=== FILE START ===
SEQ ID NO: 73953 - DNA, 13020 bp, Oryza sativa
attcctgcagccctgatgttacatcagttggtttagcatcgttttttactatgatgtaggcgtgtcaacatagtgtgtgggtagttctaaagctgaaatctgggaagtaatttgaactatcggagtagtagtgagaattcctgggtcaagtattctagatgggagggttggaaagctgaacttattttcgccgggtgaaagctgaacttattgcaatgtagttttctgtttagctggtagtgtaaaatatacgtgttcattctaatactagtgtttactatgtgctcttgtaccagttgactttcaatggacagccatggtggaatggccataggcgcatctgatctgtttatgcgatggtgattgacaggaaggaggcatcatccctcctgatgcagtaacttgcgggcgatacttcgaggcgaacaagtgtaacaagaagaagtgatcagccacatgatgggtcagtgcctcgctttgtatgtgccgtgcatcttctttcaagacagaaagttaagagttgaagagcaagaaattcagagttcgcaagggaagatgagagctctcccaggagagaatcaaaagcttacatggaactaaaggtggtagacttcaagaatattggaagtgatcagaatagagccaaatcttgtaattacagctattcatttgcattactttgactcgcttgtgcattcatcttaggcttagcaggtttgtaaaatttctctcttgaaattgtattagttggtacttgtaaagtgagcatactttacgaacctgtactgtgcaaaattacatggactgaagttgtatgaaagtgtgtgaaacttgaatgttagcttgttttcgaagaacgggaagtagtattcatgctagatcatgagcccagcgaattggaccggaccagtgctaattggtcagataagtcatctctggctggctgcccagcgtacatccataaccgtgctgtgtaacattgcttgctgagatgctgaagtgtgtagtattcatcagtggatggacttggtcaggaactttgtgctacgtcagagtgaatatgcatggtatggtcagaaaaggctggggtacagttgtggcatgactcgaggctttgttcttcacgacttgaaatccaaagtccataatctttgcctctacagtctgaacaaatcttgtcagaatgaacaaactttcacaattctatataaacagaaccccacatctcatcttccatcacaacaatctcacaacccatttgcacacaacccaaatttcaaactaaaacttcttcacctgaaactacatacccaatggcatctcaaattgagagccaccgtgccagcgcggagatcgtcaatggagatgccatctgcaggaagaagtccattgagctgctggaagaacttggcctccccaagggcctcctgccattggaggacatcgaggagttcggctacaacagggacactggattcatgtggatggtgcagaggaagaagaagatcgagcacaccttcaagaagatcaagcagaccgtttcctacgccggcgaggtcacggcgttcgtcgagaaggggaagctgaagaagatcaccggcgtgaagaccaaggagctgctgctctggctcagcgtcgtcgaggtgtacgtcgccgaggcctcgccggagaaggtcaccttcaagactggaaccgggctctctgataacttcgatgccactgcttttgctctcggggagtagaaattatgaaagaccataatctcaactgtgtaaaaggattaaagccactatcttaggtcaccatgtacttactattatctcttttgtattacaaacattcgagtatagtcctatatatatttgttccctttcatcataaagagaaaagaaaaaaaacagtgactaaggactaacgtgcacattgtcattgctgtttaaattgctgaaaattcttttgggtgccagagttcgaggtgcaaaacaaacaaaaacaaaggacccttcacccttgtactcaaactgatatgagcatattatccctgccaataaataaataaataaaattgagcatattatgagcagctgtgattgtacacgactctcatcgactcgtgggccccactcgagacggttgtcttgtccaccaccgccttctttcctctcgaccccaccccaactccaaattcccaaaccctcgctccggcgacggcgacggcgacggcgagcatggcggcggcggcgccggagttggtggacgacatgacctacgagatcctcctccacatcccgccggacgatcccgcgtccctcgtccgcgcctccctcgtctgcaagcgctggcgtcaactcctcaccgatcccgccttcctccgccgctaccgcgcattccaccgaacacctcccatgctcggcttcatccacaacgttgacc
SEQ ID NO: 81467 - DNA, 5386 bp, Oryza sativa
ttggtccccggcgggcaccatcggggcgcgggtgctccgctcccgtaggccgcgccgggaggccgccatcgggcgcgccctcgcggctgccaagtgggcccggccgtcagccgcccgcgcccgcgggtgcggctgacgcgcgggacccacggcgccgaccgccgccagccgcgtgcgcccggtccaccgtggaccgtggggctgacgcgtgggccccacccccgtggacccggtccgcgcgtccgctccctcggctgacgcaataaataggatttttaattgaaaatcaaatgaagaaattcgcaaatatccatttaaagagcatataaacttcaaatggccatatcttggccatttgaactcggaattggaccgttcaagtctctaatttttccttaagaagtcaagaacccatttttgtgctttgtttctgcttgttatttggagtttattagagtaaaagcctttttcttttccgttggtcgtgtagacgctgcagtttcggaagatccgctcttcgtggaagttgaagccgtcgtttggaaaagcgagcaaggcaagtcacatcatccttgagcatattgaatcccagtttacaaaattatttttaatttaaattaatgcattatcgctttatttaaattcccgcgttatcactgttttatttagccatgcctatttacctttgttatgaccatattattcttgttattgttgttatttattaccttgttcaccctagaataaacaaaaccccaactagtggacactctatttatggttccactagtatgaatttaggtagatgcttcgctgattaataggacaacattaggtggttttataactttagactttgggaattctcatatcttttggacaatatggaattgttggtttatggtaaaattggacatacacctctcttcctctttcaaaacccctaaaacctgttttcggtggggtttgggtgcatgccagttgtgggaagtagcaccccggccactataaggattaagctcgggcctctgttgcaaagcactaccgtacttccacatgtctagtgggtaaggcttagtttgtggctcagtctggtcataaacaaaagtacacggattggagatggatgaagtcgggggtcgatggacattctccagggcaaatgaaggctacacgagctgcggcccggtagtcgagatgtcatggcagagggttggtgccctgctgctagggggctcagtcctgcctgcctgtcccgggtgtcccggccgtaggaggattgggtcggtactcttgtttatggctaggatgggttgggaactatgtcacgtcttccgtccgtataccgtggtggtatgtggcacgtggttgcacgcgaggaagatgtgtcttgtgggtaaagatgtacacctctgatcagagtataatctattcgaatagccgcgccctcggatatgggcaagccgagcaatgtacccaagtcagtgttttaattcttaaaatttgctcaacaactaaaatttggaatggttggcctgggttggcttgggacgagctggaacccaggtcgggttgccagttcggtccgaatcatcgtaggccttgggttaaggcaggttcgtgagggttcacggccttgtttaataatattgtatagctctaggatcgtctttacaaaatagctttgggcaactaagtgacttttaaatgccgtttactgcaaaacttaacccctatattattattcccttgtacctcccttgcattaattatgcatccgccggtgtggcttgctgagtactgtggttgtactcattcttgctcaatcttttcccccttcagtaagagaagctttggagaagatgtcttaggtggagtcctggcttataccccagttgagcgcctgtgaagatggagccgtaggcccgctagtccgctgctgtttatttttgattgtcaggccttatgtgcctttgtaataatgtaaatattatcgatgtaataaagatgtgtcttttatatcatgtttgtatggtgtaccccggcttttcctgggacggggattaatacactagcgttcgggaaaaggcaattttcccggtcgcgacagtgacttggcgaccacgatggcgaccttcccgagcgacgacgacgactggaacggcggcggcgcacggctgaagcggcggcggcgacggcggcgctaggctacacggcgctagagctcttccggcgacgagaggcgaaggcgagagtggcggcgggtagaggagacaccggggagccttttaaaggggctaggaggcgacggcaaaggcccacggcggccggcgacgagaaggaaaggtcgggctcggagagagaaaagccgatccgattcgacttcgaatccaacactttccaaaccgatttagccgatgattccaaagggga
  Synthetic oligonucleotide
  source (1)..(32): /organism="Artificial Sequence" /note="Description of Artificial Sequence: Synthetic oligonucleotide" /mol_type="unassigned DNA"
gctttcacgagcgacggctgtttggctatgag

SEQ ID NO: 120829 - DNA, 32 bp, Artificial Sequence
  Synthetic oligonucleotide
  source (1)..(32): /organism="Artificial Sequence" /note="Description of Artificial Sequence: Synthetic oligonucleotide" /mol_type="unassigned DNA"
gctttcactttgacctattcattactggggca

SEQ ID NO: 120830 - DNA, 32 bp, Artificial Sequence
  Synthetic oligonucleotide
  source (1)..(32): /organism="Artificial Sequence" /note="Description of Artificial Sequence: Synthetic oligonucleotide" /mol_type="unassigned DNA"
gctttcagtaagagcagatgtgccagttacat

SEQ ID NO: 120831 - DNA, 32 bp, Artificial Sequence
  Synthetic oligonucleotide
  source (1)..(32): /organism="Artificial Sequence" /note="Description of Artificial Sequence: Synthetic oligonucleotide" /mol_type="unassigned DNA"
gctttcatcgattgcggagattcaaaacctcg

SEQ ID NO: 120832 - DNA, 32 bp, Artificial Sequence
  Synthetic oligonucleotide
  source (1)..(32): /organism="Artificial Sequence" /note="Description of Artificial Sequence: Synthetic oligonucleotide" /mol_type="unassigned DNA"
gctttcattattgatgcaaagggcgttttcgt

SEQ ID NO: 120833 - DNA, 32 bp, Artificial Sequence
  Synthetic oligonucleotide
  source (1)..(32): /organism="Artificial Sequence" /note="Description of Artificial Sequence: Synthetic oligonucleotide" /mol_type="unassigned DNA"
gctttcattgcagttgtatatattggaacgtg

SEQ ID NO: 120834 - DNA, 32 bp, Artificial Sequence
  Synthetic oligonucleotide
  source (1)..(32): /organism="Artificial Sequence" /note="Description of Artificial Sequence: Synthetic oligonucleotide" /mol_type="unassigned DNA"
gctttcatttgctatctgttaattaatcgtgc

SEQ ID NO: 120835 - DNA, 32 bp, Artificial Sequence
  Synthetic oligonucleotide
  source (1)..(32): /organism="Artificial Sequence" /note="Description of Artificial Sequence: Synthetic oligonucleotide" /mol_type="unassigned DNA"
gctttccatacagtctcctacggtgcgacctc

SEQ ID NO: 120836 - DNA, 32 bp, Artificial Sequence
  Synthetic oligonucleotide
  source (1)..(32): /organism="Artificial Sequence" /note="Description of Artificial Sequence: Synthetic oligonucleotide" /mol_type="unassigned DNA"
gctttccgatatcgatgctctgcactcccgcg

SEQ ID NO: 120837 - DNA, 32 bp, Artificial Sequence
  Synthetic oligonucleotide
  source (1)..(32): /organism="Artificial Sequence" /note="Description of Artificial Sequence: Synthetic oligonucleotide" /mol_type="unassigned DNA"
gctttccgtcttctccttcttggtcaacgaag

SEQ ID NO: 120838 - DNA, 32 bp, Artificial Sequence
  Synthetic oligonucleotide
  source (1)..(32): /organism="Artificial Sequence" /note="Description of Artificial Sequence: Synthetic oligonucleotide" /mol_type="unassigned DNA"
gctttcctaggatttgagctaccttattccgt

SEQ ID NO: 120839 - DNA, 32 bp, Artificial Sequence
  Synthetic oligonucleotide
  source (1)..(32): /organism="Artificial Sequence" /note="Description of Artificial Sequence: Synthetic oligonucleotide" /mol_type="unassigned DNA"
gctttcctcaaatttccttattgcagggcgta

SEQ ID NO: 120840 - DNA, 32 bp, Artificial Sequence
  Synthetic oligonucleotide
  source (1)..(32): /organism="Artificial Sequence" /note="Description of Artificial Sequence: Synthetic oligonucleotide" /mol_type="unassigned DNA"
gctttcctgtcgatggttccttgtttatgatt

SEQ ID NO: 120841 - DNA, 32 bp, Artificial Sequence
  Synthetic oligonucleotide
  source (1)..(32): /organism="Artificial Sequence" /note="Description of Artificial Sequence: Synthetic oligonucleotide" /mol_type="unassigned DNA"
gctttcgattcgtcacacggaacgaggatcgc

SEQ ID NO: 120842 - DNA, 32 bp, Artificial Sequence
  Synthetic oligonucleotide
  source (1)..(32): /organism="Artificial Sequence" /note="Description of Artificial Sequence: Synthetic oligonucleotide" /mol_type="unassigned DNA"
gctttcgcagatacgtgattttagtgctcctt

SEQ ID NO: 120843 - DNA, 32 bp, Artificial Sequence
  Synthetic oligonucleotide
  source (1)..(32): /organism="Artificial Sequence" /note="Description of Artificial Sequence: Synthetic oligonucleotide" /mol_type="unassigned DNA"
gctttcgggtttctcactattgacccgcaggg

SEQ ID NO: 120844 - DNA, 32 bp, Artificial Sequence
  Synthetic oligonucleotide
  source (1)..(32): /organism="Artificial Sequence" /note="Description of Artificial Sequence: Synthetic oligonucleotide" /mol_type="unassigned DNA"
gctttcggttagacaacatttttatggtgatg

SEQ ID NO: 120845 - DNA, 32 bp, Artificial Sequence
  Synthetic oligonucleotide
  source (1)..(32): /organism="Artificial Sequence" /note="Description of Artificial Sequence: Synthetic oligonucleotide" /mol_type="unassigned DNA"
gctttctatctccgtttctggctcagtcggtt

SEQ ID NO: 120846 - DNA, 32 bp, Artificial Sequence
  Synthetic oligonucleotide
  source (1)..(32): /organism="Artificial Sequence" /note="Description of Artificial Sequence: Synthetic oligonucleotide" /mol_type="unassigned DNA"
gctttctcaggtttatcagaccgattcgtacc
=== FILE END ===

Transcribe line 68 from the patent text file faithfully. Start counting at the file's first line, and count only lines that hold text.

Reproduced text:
SEQ ID NO: 120844 - DNA, 32 bp, Artificial Sequence